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6 surveys for BGYB11

BGYB11H: Molecular Aspect of Cellular and Genetic Processes
Instructor: Forder, J. Course Enrollment: 84
Session: Summer 2008 Section: L30 Percent Response: 66.7%
Questions 1 2 3 4 5 6 7 Mean
Communicates 0002649406.32
Evaluations 0004942426.26
Organization 00041142386.21
Explanations 00041336436.25
Enthusiasm 0002627596.54
Teaching 0002831546.46
Workload 002383311114.90
Difficulty 002332917155.10
Value 002112433135.53
Retake Yes: 64.0%   No: 36.0%
calendar, timetable Comments
Students unanimously agreed that Professor Forder was an excellent professor who used relevant examples and humour to make her subject material exciting. Her enthusiasm was lauded as extraordinary, and most agreed that her interactive games helped them to understand the course better. Her teaching method was also praised as clear and motivational, with many expressing an interest to take further classes with this inspiring instructor.


BGYB11H: Molecular Aspect of Cellular and Genetic Processes
Instructor: Riggs, D. Course Enrollment: 367
Session: Winter 2008 Section: L01 Percent Response: 48.0%
Questions 1 2 3 4 5 6 7 Mean
Communicates 014183029165.36
Evaluations 137202925115.04
Organization 213102435225.57
Explanations 124142331225.51
Enthusiasm 228173123155.14
Teaching 121132934175.48
Workload 011352820125.06
Difficulty 001193225205.46
Value 024252520115.05
Retake Yes: 57.0%   No: 43.0%
calendar, timetable Comments
Students? responses to Professor Riggs? lecturing were mixed. Some students found that his lecturing style was excellent, incorporating different figures from the textbook to make concepts better understood. However, other students did not enjoy this approach, preferring to learn via reading text on the slides, or having textbook readings assigned to supplement lecture material. Despite this, students appreciated the fact that Professor Riggs was always available for help. The tutorials used as Q&A sessions had mixed reviews as well, some students preferring that Professor Riggs review hard concepts rather than taking students? questions. One suggestion students had for Professor Riggs was to assign supplementary readings, rather than assigning supplementary figures.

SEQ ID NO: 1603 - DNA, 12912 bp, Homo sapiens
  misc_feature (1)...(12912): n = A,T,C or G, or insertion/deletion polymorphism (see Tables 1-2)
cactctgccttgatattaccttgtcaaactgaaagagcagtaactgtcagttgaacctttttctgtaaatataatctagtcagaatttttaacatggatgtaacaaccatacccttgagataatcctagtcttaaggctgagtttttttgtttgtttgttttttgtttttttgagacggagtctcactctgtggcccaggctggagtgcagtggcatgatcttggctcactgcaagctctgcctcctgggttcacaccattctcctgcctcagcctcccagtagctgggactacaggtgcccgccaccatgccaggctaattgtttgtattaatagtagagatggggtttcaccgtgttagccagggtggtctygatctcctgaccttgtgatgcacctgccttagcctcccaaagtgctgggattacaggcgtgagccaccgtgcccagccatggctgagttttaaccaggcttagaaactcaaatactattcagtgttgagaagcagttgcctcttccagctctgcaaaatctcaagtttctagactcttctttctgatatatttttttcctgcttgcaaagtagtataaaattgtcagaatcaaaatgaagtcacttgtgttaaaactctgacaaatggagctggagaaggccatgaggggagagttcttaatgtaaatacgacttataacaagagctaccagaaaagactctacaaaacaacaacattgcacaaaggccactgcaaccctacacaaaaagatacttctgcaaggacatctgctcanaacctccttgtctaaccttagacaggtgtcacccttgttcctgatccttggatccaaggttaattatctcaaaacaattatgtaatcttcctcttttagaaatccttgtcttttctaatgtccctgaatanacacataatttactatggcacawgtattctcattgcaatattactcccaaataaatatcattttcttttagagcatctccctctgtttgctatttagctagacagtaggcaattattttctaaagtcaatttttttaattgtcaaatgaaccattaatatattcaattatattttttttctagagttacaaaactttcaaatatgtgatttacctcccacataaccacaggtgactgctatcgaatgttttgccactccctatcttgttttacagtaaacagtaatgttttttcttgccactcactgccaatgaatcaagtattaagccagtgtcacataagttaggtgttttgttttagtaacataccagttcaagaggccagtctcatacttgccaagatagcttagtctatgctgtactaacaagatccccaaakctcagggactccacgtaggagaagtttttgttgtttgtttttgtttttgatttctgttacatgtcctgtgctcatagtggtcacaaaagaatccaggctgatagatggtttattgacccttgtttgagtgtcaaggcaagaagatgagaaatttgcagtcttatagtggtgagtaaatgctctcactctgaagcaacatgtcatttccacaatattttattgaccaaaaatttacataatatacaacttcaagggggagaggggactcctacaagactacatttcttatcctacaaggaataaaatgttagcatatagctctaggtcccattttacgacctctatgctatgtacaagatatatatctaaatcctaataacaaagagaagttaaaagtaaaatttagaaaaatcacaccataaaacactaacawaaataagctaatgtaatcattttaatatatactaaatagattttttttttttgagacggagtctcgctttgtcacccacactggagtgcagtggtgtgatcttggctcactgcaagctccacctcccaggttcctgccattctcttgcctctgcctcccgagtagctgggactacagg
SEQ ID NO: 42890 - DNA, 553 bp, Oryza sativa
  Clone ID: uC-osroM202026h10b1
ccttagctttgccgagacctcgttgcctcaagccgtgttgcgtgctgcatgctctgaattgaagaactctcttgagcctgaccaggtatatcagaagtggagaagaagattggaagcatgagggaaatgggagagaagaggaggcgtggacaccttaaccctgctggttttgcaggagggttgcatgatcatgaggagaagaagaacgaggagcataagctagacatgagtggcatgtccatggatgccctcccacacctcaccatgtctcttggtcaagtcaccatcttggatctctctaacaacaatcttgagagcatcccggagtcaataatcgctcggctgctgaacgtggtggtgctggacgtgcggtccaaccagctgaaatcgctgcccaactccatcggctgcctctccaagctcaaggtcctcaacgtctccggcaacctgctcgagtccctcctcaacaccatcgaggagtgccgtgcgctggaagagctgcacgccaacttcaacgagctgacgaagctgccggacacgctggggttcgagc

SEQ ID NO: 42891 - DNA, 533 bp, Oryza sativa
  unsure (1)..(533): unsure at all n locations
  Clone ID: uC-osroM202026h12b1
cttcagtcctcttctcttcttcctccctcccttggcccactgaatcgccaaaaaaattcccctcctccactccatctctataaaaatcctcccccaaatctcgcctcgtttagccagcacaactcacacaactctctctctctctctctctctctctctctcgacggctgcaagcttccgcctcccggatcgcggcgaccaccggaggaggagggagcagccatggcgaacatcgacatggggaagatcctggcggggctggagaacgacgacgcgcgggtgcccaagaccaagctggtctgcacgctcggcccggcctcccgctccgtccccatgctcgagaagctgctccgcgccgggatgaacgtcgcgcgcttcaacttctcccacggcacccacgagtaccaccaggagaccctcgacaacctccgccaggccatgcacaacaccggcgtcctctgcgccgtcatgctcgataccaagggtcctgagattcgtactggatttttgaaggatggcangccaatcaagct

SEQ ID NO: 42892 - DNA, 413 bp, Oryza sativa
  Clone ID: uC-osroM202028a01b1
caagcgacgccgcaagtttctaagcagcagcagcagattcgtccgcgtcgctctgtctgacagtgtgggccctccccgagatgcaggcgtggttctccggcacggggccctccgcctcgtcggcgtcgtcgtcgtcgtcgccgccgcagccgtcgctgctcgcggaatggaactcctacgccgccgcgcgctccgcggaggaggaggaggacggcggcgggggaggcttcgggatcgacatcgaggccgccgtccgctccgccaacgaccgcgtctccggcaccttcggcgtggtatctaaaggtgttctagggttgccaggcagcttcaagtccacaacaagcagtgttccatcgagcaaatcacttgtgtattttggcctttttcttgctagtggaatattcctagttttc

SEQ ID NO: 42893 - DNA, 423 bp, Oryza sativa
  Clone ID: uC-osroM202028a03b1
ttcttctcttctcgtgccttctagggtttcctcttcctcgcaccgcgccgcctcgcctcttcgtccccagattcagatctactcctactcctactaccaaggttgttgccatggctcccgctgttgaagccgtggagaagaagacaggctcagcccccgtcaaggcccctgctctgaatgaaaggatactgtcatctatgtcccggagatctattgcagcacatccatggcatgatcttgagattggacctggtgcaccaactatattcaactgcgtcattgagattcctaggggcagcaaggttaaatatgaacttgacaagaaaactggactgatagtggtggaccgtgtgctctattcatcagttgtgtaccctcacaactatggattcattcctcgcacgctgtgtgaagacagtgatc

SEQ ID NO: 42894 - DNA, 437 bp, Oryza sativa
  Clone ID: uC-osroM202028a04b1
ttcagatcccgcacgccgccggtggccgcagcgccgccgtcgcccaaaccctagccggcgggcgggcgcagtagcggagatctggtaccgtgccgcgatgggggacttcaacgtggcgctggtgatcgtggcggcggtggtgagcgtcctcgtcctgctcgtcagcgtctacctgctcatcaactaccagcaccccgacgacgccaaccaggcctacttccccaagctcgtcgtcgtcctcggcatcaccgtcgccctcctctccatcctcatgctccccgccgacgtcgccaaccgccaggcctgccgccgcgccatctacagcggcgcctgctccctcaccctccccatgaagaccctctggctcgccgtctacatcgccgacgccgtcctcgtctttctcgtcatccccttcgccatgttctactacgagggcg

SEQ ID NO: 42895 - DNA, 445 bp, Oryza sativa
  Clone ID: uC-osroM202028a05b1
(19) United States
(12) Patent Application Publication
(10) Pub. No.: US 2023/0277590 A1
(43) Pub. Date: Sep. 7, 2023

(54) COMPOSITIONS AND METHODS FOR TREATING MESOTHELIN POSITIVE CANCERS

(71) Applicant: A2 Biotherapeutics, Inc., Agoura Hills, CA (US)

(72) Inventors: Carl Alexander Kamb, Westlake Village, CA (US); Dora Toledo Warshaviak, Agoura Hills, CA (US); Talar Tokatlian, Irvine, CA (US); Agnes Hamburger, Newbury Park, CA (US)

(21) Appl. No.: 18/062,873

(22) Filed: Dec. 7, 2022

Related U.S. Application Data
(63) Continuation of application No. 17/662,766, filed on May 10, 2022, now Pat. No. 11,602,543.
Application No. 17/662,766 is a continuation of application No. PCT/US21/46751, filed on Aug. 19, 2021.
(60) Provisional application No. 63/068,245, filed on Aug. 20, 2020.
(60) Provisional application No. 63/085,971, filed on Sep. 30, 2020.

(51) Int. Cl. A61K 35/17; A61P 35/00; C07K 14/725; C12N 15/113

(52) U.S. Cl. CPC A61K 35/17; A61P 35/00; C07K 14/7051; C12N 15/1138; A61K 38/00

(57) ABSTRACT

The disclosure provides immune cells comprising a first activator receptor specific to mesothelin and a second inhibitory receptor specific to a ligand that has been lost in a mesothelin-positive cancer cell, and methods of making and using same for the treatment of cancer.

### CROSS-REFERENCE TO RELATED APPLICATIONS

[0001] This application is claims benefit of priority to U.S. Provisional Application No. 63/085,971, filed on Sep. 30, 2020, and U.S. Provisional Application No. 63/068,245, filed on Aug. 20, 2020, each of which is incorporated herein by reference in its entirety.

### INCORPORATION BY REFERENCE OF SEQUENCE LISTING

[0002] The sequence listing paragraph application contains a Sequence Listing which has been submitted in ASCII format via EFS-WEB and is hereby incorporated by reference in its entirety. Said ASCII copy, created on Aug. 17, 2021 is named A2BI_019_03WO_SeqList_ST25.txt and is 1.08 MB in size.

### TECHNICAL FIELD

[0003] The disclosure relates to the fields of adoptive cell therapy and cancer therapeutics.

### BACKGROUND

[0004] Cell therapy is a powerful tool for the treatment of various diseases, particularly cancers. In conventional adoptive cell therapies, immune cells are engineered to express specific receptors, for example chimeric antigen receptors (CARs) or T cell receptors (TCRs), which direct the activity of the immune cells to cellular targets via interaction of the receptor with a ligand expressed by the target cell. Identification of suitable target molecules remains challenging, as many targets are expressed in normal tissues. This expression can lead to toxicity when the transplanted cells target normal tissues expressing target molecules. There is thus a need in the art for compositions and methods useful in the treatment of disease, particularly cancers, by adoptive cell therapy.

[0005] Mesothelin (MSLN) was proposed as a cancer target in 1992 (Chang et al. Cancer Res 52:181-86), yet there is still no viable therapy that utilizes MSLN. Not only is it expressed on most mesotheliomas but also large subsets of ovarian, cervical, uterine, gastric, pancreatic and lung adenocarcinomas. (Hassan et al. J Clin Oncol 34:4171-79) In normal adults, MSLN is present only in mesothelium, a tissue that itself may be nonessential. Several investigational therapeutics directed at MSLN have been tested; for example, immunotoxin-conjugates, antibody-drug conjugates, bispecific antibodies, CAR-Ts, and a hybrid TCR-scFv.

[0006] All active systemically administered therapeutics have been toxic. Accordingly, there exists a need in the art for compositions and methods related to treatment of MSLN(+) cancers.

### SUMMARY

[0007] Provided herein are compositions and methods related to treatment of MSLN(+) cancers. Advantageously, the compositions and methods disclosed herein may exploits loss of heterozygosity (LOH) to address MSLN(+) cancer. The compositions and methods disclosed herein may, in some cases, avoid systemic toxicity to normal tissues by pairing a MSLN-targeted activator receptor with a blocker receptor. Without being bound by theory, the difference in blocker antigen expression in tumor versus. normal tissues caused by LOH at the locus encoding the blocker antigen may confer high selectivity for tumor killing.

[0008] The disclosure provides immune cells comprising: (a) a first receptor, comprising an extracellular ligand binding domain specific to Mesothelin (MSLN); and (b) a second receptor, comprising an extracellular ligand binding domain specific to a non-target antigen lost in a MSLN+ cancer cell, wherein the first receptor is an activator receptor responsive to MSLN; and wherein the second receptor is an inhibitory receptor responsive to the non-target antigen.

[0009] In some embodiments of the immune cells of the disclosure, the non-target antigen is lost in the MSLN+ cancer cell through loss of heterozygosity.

BGYB11H: Molecular Aspect of Cellular and Genetic Processes
Instructor: Riggs, D. Course Enrollment: 367
Session: Winter 2008 Section: L01 Percent Response: 48.0%
Questions 1 2 3 4 5 6 7 Mean
Communicates 014183029165.36
Evaluations 137202925115.04
Organization 213102435225.57
Explanations 124142331225.51
Enthusiasm 228173123155.14
Teaching 121132934175.48
Workload 011352820125.06
Difficulty 001193225205.46
Value 024252520115.05
Retake Yes: 57.0%   No: 43.0%
calendar, timetable Comments
Students’ responses to Professor Riggs’ lecturing were mixed. Some students found that his lecturing style was excellent, incorporating different figures from the textbook to make concepts better understood. However, other students did not enjoy this approach, preferring to learn via reading text on the slides, or having textbook readings assigned to supplement lecture material. Despite this, students appreciated the fact that Professor Riggs was always available for help. The tutorials used as Q&A sessions had mixed reviews as well, some students preferring that Professor Riggs review hard concepts rather than taking students’ questions. One suggestion students had for Professor Riggs was to assign supplementary readings, rather than assigning supplementary figures.